In a segment where I was chasing a dude on foot through side-streets, the camera followed as it would in any third-person game, but somehow it felt more cinematic than similar segments of GTA. I guess it's just slight differences in the game engine, or maybe I just imagined I was seeing it, but a great deal of Sleeping Dogs really did feel like it had been directed by someone with a background more in film than in videogames.
One of the first things I did in the game was try on different outfits from Wei's wardrobe. This doesn't just give cosmetic results - different costumes give different realistic bonuses. For example, wearing a business suit will get you a discount when buying certain items and so on.
Wei’s role as an undercover police officer is a great basis for an interesting gameplay element. You gain police XP, triad XP and face XP through different actions in the game and excelling in each area provides unique bonuses. From what I played, I'm not sure how each XP stream will affect the others, but I hope they do, so you can't max out all three and have to make hard decisions as a result. I also can't say yet if the XP stream that you excel in allows storyline differences to the others, but again, I hope so.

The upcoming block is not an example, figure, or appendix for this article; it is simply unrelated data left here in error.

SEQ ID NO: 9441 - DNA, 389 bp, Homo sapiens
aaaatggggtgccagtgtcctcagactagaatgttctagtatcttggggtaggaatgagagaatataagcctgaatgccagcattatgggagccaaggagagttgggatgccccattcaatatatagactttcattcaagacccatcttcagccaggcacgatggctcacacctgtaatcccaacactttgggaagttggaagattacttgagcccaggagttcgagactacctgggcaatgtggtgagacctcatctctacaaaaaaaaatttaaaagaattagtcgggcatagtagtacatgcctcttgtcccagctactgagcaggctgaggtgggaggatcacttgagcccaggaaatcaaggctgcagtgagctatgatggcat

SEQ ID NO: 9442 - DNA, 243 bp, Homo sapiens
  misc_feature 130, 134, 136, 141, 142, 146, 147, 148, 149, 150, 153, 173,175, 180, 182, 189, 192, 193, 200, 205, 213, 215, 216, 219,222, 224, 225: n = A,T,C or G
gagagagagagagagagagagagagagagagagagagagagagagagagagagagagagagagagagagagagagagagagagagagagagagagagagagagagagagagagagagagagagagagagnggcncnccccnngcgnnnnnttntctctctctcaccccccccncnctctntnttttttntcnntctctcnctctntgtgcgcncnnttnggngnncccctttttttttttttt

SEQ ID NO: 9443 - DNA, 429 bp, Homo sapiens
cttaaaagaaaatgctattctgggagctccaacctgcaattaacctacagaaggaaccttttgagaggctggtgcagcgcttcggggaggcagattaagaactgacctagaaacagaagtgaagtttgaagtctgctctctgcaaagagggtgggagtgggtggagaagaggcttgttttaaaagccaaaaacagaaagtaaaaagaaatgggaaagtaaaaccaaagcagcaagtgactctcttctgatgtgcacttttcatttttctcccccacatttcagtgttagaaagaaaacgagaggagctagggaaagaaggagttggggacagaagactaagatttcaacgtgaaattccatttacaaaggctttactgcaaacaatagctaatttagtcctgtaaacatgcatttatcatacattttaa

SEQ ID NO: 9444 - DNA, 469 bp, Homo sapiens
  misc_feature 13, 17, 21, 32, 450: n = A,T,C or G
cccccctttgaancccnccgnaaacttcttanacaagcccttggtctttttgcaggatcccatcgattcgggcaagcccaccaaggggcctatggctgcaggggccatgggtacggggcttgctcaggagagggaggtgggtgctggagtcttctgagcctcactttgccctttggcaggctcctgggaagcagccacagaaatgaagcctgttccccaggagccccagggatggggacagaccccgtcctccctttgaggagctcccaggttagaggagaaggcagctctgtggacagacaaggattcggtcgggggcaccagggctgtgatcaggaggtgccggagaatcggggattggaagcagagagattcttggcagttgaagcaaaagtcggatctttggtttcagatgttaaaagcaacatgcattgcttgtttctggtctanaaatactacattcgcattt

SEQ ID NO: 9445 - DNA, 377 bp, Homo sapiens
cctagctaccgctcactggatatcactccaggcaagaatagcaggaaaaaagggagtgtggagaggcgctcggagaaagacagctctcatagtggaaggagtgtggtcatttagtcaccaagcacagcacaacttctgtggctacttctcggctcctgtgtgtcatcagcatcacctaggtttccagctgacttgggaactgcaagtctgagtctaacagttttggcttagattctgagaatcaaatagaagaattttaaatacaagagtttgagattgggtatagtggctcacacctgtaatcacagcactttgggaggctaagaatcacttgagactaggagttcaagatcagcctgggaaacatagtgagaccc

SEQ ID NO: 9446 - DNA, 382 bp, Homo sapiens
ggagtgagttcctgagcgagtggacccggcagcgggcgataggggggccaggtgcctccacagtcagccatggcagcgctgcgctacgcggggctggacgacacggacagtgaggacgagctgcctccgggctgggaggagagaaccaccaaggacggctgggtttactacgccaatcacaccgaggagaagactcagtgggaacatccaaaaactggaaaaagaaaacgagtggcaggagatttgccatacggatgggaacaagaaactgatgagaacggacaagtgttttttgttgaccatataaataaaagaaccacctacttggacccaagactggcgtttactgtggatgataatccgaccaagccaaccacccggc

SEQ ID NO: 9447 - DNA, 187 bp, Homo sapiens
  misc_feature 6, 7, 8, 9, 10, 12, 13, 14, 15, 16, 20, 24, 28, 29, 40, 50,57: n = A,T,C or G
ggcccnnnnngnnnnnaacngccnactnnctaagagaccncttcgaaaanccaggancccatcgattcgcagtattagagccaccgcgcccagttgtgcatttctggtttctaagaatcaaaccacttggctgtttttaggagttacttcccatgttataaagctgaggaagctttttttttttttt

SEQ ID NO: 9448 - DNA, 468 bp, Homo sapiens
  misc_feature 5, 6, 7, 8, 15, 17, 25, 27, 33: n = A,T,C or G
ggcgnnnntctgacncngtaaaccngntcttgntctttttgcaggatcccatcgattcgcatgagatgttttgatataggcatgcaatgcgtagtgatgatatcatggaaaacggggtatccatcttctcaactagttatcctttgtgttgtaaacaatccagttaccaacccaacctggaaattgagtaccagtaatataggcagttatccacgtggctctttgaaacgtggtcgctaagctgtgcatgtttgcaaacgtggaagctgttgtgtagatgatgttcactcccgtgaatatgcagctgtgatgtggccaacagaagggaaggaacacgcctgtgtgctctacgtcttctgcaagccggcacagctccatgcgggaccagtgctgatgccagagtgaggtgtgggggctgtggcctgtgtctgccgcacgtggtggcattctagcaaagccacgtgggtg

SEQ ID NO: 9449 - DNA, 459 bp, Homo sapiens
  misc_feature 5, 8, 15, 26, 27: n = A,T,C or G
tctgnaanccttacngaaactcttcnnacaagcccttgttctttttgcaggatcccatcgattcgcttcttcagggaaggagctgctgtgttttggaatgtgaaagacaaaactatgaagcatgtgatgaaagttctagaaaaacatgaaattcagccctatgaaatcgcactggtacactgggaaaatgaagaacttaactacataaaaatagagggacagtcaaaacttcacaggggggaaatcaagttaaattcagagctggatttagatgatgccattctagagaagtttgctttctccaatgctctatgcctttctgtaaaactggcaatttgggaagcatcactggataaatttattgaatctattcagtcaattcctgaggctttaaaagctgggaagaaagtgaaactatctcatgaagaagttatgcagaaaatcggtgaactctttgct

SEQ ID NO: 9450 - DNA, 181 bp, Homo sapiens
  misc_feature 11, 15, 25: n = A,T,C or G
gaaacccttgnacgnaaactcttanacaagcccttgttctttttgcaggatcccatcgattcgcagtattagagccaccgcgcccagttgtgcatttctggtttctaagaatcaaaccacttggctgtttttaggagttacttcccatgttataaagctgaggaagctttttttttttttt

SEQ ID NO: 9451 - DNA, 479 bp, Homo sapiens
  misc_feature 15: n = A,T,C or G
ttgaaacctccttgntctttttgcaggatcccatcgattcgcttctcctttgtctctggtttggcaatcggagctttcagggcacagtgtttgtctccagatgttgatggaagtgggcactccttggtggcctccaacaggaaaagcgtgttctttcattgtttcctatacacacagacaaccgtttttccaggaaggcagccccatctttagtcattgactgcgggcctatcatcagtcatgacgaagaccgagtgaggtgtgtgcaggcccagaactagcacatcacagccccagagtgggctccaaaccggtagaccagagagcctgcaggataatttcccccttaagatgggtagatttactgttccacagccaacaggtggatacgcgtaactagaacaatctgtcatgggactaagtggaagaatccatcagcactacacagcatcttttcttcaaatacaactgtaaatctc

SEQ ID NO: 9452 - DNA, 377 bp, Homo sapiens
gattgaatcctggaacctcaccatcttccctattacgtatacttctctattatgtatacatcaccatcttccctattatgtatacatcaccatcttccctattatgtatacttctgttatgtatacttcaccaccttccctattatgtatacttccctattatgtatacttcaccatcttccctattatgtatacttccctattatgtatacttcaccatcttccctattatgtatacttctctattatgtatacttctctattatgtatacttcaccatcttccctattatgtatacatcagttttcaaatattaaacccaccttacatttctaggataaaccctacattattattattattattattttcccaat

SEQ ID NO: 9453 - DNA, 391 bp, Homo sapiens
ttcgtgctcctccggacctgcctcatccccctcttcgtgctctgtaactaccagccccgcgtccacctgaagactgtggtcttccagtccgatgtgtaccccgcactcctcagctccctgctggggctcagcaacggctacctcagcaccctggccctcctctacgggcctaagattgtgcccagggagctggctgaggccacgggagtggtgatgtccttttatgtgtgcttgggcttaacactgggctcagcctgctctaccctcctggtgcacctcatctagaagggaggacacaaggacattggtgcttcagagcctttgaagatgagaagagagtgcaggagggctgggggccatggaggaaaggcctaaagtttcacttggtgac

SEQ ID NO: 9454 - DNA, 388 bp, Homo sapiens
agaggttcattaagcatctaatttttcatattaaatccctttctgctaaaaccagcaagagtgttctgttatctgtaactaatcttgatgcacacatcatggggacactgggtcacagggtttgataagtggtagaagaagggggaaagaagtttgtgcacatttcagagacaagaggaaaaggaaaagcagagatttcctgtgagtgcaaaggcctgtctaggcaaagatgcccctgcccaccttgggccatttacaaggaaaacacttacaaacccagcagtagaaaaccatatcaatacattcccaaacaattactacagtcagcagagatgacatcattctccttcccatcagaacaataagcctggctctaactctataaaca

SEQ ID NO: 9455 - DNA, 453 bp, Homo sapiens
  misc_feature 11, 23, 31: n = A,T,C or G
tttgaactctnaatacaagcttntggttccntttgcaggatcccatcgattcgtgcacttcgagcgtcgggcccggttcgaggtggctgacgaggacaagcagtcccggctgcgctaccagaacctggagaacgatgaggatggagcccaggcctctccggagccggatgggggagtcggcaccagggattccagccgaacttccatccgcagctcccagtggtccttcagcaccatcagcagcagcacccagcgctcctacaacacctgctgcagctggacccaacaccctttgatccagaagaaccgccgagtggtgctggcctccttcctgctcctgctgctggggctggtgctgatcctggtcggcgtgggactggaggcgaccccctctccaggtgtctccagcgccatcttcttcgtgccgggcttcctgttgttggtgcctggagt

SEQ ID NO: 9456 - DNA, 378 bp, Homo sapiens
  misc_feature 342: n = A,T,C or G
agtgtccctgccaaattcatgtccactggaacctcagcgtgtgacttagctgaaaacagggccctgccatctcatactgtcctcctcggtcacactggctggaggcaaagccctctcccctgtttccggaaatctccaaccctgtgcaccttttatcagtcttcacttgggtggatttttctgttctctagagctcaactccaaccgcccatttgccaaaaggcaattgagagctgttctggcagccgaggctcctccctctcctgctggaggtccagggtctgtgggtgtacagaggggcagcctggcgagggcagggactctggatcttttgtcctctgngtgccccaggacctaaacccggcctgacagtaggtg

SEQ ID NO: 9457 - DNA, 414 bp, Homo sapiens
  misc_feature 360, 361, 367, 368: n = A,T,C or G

It would be a bit of a waste making a sandbox crime game that's as good looking and fun to play as this and give it a linear storyline. I really hope that you get to choose how to play the game and those choices do have serious effects, rather than just choosing mission B before A and C.